Amalgam (2021) by Alessio Zanelli.
Reviewed by Allen Ashley.
Prolific poet Alessio Zanelli will be familiar to many of you from the pages of Focus, BFS Horizons, Here Comes Everyone, etc. This new pamphlet collects together pieces from a wide variety of publications and has something of a sunrise to sunset flow. Opener “Kuramathi Dawn” transcends its travelogue feel with its arresting opening line: “The morning comes in shouting like a desert.” If it’s the job of the poet to disrupt or make one reconsider assumptions, that simile certainly does the trick. Equally thought-provoking is Zanelli’s closer “Cosmic Nemesis”, which depicts “a micro black hole” gradually swallowing “all the planets” as well as Sol itself, before proceeding “on its endless path / to where it all began”. Hence: a final sunset. One might quibble with the astrophysics at play here — the orbiting planets would not be neatly lined up like snooker balls — but the poem makes for a memorable if deterministic closer.
In between, there are many strong evocations of voyaging, particularly on the sea. The beautifully titled “Evernauts” cross the globe “constantly a league / ahead of the terminator”. The sea itself is in constant motion in “Seaclock”, its sound gorgeously described as a “wombal gurgle.” The longest piece on offer is “Seafarer” and cleverly conflates intellectual voyaging — “devouring books by London, Verne and Clarke” — along with cutting-edge physics and sub-atomics — “elusive bosons, steadfast fermions, strings”. At base, though, the equation is between the sea voyages of the European Age of Exploration and the potential space journeys of our outward-bound future. I was pleasantly reminded of that old Star Trek episode where Captain Kirk quotes John Masefield’s “Sea Fever” (“And all I ask is a tall ship and a star to steer her by”). Zanelli’s poem reaffirms this connection and makes of the reader, the writer and all would-be spacefarers someone who is exploring “Just like Columbus did”; if one can focus on Columbus’s thirst for knowledge and not his cultural legacy.
Historical figures are present also in “Apparitions At 5 Pennine View”: the cast list includes Edgar Allan Poe, Queen Victoria and Prince Albert, Neil Armstrong, and Jon Lord — the late keyboard player from the band Deep Purple. More contemporary references are made in the closing line of “Kyoto” as Zanelli alliteratively notes, “The timer’s ticking. Treaties. Thunberg. Trump.”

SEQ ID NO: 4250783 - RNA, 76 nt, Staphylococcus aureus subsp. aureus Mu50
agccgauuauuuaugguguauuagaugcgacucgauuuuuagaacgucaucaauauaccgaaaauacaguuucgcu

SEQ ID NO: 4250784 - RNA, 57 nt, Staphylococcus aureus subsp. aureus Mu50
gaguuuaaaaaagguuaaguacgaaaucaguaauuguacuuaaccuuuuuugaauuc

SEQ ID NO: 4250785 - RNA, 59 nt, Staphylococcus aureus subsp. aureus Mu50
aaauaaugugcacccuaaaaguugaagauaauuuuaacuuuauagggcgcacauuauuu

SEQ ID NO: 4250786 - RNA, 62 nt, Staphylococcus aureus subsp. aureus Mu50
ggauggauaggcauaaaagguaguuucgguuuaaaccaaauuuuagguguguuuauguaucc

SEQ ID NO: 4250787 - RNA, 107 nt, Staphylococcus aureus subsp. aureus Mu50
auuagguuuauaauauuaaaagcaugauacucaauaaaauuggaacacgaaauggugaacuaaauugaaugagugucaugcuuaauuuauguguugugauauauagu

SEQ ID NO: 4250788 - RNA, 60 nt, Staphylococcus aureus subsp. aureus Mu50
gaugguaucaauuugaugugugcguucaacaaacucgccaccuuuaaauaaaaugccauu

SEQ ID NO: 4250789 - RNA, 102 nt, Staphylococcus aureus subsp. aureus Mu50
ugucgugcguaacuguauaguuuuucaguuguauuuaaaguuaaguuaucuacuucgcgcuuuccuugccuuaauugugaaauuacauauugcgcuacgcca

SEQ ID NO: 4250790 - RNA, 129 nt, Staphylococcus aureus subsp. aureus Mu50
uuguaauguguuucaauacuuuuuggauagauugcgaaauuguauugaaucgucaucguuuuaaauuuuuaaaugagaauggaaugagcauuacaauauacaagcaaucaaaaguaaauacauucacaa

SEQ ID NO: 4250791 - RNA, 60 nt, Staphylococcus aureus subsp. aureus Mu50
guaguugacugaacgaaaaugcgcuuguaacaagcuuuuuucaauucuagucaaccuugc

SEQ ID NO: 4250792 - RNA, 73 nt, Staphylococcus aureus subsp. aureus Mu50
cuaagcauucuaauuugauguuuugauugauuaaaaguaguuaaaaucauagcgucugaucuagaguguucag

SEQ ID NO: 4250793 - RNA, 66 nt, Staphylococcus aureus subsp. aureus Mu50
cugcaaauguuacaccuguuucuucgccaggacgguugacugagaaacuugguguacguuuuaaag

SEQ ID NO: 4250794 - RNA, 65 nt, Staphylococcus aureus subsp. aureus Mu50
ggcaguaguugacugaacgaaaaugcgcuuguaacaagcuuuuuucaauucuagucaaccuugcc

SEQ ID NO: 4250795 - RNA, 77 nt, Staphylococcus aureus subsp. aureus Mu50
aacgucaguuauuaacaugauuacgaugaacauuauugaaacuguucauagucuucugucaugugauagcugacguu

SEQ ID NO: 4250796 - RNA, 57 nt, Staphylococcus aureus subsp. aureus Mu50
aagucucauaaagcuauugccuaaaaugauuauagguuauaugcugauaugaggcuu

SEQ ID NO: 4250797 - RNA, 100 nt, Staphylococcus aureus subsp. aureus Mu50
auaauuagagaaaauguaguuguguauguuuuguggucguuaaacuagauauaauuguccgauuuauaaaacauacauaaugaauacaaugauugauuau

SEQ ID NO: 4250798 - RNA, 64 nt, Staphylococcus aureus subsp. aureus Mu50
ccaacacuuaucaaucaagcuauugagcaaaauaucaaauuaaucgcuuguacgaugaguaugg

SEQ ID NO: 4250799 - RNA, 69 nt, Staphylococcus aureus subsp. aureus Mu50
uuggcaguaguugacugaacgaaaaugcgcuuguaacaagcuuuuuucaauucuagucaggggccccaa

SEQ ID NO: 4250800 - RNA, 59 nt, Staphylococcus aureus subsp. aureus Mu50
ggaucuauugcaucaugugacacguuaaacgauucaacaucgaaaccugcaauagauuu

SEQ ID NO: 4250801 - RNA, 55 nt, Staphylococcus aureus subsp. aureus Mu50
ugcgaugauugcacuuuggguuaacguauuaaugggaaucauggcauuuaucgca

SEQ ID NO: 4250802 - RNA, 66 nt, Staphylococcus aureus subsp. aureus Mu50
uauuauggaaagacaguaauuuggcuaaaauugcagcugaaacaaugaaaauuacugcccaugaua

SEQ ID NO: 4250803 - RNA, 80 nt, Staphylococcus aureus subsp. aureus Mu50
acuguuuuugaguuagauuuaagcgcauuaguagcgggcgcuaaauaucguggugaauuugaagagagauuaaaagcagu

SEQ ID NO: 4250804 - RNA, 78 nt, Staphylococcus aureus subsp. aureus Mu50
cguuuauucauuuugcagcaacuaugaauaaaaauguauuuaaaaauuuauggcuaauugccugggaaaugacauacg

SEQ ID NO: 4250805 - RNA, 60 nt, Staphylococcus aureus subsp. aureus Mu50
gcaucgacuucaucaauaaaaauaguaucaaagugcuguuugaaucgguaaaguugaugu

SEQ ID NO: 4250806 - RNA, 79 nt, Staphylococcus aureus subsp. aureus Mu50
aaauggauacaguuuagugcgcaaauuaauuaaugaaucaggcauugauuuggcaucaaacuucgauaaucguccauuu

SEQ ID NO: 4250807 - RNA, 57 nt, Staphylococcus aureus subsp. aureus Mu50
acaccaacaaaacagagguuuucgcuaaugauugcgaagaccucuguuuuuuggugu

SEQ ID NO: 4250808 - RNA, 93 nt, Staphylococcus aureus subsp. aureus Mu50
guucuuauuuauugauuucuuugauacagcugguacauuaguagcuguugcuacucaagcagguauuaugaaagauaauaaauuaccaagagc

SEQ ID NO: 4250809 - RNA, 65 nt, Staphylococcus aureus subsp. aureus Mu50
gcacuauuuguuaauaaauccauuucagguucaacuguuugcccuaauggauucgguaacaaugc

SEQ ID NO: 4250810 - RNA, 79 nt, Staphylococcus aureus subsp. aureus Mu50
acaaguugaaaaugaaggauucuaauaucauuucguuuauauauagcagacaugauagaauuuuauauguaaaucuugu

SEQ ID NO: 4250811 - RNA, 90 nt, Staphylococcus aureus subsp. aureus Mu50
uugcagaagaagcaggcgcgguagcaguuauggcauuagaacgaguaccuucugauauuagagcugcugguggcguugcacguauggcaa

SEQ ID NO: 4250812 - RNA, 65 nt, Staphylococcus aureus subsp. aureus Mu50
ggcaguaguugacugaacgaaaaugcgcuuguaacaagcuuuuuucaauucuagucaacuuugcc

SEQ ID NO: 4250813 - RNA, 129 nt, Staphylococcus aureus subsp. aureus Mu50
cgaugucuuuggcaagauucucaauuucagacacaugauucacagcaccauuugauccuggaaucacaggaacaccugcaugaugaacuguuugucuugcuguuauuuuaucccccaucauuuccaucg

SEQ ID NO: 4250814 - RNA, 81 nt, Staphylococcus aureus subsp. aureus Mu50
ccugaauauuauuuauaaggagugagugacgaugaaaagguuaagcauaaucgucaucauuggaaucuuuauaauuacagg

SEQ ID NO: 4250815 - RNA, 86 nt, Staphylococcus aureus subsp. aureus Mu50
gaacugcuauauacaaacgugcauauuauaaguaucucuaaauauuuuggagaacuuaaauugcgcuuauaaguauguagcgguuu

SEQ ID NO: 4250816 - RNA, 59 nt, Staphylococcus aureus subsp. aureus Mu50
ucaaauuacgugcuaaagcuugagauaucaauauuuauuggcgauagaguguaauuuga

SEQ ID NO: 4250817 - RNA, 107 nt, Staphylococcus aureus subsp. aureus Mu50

There’s a certain snobbishness in some poetry circles against shaped poetry. In this book, however, Zanelli deploys the technique to good effect. “Sinkhole” begins with an enlarged, centred full stop and expands pyramid-shaped like a chasm opening out beneath one’s feet. “Land And Sea Breeze” is zigzagged like the approaching and receding tide. Most subtle of all, though, is the constriction on line width that the poet imposes on his pandemic reflecting “Quarantined”.
In contrast to that more recent concern, “The Flickering” takes those of us old enough to remember back to the three-day week of the industrial disputes of the 1970s, along with the resultant power cuts — “Quite a usual occurrence in those days”. Mortality is also a concern for the poet as he suggests that “Maybe memories move through me... both ways” (“The Arrow Of Time”), and at the close of the imagistic “Autumn”, finds himself (tongue in cheek) to be left with “Cracked flakes of staling bran. / Dried drops of bottled brine. / Loose scraps of withered brain.”
There are a couple of slight misfires amongst these twenty-four poems — the political pieces “About Colors” and “Haters” feel just a little didactic — and given Zanelli’s track record, one might have wished for more poems with overt genre content. But this trim volume comes with a lovely abstract cover by Andrea Schiavetta... and also comes “Recommended” by yours truly.
Review from BSFA Review 15 - Download your copy here.